Synopsis: From bestselling author Juliette Sobanet, One Night in Paris is a heartwarming and enchanting journey back to Jazz Age Paris.
When Manhattan attorney Ella Carlyle gets a call that her beloved grandmother is dying, she rushes to Paris to be by her side, against the wishes of her overbearing boyfriend. Ella would do anything for her grandmother and jumps at the chance to fulfill her dying wish. But things take a mystical turn when Ella is transported to a swinging Parisian jazz club full of alluring strangers…in the year 1927! As the clock runs out on her one night in the City of Lights, Ella will attempt to rewrite the past—and perhaps her own destiny as well.
About the Author:
Juliette Sobanet earned a B.A. from Georgetown University and an M.A. from New York University in France, living and studying in both Lyon and Paris. She worked as a French professor before turning a new page in her career, penning romantic women’s fiction with a French twist. She is the author of six Paris-based romances, including the bestselling Sleeping with Paris. Her upcoming Confessions of a City Girl series will release in 2014. Today she lives in San Diego, where she devotes her time to writing, eating chocolate, and dreaming about her next trip to France.
One Night in Paris by Juliette Sobanet
Excerpt from Chapter 4, after Ella has traveled back in time to a jazz club in 1920s Paris…
“You look lost.”
A deep male voice travels over the lively jazz music and snaps me out of my daze. A young man with dusty-blond hair and boyish blue eyes is leaning against the bar right next to me and shooting me a curious grin. The top button of his white collared shirt is open, and the gray vest he’s wearing is a little snug around his chest.
He waits patiently for me to pull my eyes from his chest.
“Lost? You could say that,” I respond, embarrassed, before taking a long sip of champagne.
When I resurface for air, his hand is outstretched.
“Let me help you find your way,” he says. “I’m Leo Knight. American, a writer . . . well, aspiring writer. You?”
I slip my hand into his, noticing how warm it feels. How comfortable.
“Ella Carlyle, and I . . . I’m . . .” I pause, realizing I can’t tell this guy who I really am. So instead, I tell him what I always wanted to be when I was growing up, what I trained to be before my lawyer parents told me they wouldn’t support such an impractical career. “A ballet dancer,” I finish. “And I’m American too.”
I catch those inquisitive blue eyes of his running up and down my legs. “You’ve certainly got the gams for the ballet, if you don’t mine me saying so, miss.” He twirls his gray cap around on one finger, his warm grin revealing a dimple in his left cheek. “And the face for it too. Ballet dancers have the prettiest faces. But yours . . . well, I’ve never seen anything quite like it.”
A flush that starts at my toes creeps all the way up to my cheeks, surely turning them the color of a strawberry in summer. I’m not usually this susceptible to pickup lines, but this guy is such a breath of fresh air compared to the hard-edged Manhattan types back home—he’s got charm and charisma, and to be honest, I’ve never seen anything quite like him either.
How did the women of this era get anything done with all of these gorgeous men popping up around every corner?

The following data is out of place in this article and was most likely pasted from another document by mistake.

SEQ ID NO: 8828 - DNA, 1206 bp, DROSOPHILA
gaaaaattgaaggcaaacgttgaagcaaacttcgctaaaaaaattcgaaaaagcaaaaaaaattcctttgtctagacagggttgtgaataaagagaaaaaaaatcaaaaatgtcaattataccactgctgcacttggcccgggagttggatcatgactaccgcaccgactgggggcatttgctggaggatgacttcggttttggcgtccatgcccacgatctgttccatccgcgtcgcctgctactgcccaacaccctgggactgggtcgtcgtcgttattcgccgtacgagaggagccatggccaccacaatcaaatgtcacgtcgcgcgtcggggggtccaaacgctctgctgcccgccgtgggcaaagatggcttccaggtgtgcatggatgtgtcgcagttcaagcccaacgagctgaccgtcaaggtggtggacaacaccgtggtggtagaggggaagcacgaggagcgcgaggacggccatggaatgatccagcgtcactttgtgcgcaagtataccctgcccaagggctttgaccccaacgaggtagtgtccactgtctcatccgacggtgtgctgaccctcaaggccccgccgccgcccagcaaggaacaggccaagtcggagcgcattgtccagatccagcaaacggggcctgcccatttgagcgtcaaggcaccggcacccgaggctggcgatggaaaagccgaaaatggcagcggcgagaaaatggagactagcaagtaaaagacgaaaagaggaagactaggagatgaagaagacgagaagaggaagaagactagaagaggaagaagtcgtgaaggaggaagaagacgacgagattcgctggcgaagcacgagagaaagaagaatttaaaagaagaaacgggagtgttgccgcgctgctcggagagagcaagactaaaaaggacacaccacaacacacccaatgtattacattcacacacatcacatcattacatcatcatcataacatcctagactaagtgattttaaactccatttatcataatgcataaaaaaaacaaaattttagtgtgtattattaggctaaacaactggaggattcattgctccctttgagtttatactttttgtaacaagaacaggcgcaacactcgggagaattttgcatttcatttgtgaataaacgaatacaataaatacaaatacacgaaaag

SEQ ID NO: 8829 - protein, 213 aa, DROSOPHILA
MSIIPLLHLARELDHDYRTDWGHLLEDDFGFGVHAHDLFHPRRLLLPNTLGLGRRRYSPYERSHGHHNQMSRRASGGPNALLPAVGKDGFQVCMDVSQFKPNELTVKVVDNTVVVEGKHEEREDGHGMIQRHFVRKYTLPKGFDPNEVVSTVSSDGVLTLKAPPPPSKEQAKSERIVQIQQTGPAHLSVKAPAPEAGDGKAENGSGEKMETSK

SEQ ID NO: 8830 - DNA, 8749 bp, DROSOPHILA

Catching a glimpse of Lucie and Jean-Philippe bopping around on the dance floor like two lovesick teenagers, I remind myself that this isn’t the time to get wrapped up in my own schoolgirl crush. I’ve got two important tasks to accomplish. And although I’m not 100 percent certain what exactly those tasks entail other than protecting Lucie and hoping that in doing so, I will find a way back to my grandmother’s bedside, I am certain that flirting with this handsome stranger isn’t going to get me closer to either.
Leo pushes off the bar, then fastens his cap atop his head. “Care to let me take you for a twirl out on that dance floor, Ella Carlyle?”
“No, really, I can’t,” I say, but Leo takes a step closer to me, the scent of his cologne and the proximity of his tall, firm body making me regret my answer.
“Oh, I see what’s going on,” he says with a sly grin.
He’s so close now that his warm breath is tickling my lips. I should turn and walk away. I need to watch out for Lucie. But a tiny part of me—the part that has been yearning for something new, something different, something exciting to happen in my life—speaks up.
“What’s that?” I ask, shooting him my own flirtatious smile.
“The ballerina doesn’t think a writer from Saint Louis has any moves.” He offers me his hand once more. “Let me prove you wrong, Mademoiselle Ella.”
Peering over my shoulder at Lucie, who is now wrapped tightly in Jean-Philippe’s arms, I figure just one dance won’t hurt anything. It will buy me a few minutes to think, to figure out my next move.
“Deal,” I say, giving Leo my hand.
Just before we reach the dance floor, I lean into Leo’s ear and whisper. “I have a confession to make. I don’t know how to do the Charleston.”
“A ballet dancer who doesn’t do the Charleston,” he says, his eyes lighting up with the challenge. “Well, I never.”
“I don’t get out much,” I admit. “Not to places like this, anyway.” If he only knew.
“Well, Miss Ella Carlyle, tonight is your lucky night.” Leo winks at me as he ushers me onto the dance floor.
With his hand around my waist and his body pressed closely to mine, I realize it’s not likely I’ll get much thinking done during this dance.
***Excerpted from ONE NIGHT IN PARIS by Juliette Sobanet (January 2014). Reprinted with permission from Amazon StoryFront.